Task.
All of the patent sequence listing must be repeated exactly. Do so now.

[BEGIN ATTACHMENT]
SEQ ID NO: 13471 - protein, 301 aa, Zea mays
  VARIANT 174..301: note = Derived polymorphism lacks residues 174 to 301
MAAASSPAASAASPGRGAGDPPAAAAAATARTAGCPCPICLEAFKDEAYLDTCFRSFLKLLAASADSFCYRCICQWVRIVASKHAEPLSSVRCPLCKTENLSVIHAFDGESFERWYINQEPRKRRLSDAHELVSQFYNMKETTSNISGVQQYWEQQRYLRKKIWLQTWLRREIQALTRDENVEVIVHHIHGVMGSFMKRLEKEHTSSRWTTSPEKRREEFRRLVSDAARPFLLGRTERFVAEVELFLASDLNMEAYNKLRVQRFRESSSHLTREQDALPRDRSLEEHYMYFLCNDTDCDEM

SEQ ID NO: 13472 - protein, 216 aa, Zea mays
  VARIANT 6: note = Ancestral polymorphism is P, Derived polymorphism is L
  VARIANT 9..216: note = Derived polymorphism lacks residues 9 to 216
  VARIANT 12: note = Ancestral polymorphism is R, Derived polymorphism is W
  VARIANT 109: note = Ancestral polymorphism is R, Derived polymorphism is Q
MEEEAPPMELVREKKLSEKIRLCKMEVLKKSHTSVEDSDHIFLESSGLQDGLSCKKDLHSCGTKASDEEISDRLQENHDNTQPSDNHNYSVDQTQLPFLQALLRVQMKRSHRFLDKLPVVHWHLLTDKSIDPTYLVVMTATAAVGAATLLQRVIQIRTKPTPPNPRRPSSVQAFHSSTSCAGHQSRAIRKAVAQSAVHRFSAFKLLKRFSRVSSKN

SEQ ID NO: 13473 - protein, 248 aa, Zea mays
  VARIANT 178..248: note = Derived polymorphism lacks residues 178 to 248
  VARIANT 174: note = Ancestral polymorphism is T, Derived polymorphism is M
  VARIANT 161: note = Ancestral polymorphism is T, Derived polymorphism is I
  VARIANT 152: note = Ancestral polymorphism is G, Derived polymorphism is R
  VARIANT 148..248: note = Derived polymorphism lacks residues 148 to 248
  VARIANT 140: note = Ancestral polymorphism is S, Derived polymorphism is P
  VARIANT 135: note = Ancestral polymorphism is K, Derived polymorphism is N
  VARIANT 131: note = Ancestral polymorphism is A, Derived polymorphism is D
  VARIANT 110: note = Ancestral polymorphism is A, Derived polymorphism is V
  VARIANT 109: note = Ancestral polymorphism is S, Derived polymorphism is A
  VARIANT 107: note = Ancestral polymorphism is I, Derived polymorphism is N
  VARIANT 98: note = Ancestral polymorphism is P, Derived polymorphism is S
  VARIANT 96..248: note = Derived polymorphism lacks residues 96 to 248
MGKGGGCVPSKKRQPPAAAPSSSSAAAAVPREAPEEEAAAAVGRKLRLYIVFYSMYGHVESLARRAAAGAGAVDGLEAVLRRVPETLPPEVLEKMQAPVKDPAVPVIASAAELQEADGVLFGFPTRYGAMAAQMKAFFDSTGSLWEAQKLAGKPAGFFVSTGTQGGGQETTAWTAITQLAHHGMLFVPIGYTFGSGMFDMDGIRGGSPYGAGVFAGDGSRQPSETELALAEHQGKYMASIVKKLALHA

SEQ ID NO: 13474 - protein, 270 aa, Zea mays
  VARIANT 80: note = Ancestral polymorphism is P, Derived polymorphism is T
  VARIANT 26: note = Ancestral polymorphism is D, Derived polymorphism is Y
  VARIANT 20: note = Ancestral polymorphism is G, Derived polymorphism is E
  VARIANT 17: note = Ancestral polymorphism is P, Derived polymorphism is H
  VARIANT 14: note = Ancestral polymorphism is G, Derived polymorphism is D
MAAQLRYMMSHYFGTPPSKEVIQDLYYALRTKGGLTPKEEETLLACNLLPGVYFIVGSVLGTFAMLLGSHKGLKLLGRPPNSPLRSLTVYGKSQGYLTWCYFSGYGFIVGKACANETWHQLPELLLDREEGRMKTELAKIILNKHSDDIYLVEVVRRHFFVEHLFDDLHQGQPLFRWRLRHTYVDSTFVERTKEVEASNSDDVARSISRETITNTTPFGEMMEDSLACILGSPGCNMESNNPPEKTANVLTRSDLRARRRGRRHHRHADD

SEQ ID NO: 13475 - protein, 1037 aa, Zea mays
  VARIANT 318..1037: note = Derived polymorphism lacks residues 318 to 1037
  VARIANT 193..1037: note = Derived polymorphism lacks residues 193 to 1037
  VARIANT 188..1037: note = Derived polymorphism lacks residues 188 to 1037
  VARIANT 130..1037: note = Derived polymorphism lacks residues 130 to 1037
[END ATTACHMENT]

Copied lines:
SEQ ID NO: 13471 - protein, 301 aa, Zea mays
  VARIANT 174..301: note = Derived polymorphism lacks residues 174 to 301
MAAASSPAASAASPGRGAGDPPAAAAAATARTAGCPCPICLEAFKDEAYLDTCFRSFLKLLAASADSFCYRCICQWVRIVASKHAEPLSSVRCPLCKTENLSVIHAFDGESFERWYINQEPRKRRLSDAHELVSQFYNMKETTSNISGVQQYWEQQRYLRKKIWLQTWLRREIQALTRDENVEVIVHHIHGVMGSFMKRLEKEHTSSRWTTSPEKRREEFRRLVSDAARPFLLGRTERFVAEVELFLASDLNMEAYNKLRVQRFRESSSHLTREQDALPRDRSLEEHYMYFLCNDTDCDEM

SEQ ID NO: 13472 - protein, 216 aa, Zea mays
  VARIANT 6: note = Ancestral polymorphism is P, Derived polymorphism is L
  VARIANT 9..216: note = Derived polymorphism lacks residues 9 to 216
  VARIANT 12: note = Ancestral polymorphism is R, Derived polymorphism is W
  VARIANT 109: note = Ancestral polymorphism is R, Derived polymorphism is Q
MEEEAPPMELVREKKLSEKIRLCKMEVLKKSHTSVEDSDHIFLESSGLQDGLSCKKDLHSCGTKASDEEISDRLQENHDNTQPSDNHNYSVDQTQLPFLQALLRVQMKRSHRFLDKLPVVHWHLLTDKSIDPTYLVVMTATAAVGAATLLQRVIQIRTKPTPPNPRRPSSVQAFHSSTSCAGHQSRAIRKAVAQSAVHRFSAFKLLKRFSRVSSKN

SEQ ID NO: 13473 - protein, 248 aa, Zea mays
  VARIANT 178..248: note = Derived polymorphism lacks residues 178 to 248
  VARIANT 174: note = Ancestral polymorphism is T, Derived polymorphism is M
  VARIANT 161: note = Ancestral polymorphism is T, Derived polymorphism is I
  VARIANT 152: note = Ancestral polymorphism is G, Derived polymorphism is R
  VARIANT 148..248: note = Derived polymorphism lacks residues 148 to 248
  VARIANT 140: note = Ancestral polymorphism is S, Derived polymorphism is P
  VARIANT 135: note = Ancestral polymorphism is K, Derived polymorphism is N
  VARIANT 131: note = Ancestral polymorphism is A, Derived polymorphism is D
  VARIANT 110: note = Ancestral polymorphism is A, Derived polymorphism is V
  VARIANT 109: note = Ancestral polymorphism is S, Derived polymorphism is A
  VARIANT 107: note = Ancestral polymorphism is I, Derived polymorphism is N
  VARIANT 98: note = Ancestral polymorphism is P, Derived polymorphism is S
  VARIANT 96..248: note = Derived polymorphism lacks residues 96 to 248
MGKGGGCVPSKKRQPPAAAPSSSSAAAAVPREAPEEEAAAAVGRKLRLYIVFYSMYGHVESLARRAAAGAGAVDGLEAVLRRVPETLPPEVLEKMQAPVKDPAVPVIASAAELQEADGVLFGFPTRYGAMAAQMKAFFDSTGSLWEAQKLAGKPAGFFVSTGTQGGGQETTAWTAITQLAHHGMLFVPIGYTFGSGMFDMDGIRGGSPYGAGVFAGDGSRQPSETELALAEHQGKYMASIVKKLALHA

SEQ ID NO: 13474 - protein, 270 aa, Zea mays
  VARIANT 80: note = Ancestral polymorphism is P, Derived polymorphism is T
  VARIANT 26: note = Ancestral polymorphism is D, Derived polymorphism is Y
  VARIANT 20: note = Ancestral polymorphism is G, Derived polymorphism is E
  VARIANT 17: note = Ancestral polymorphism is P, Derived polymorphism is H
  VARIANT 14: note = Ancestral polymorphism is G, Derived polymorphism is D
MAAQLRYMMSHYFGTPPSKEVIQDLYYALRTKGGLTPKEEETLLACNLLPGVYFIVGSVLGTFAMLLGSHKGLKLLGRPPNSPLRSLTVYGKSQGYLTWCYFSGYGFIVGKACANETWHQLPELLLDREEGRMKTELAKIILNKHSDDIYLVEVVRRHFFVEHLFDDLHQGQPLFRWRLRHTYVDSTFVERTKEVEASNSDDVARSISRETITNTTPFGEMMEDSLACILGSPGCNMESNNPPEKTANVLTRSDLRARRRGRRHHRHADD

SEQ ID NO: 13475 - protein, 1037 aa, Zea mays
  VARIANT 318..1037: note = Derived polymorphism lacks residues 318 to 1037
  VARIANT 193..1037: note = Derived polymorphism lacks residues 193 to 1037
  VARIANT 188..1037: note = Derived polymorphism lacks residues 188 to 1037
  VARIANT 130..1037: note = Derived polymorphism lacks residues 130 to 1037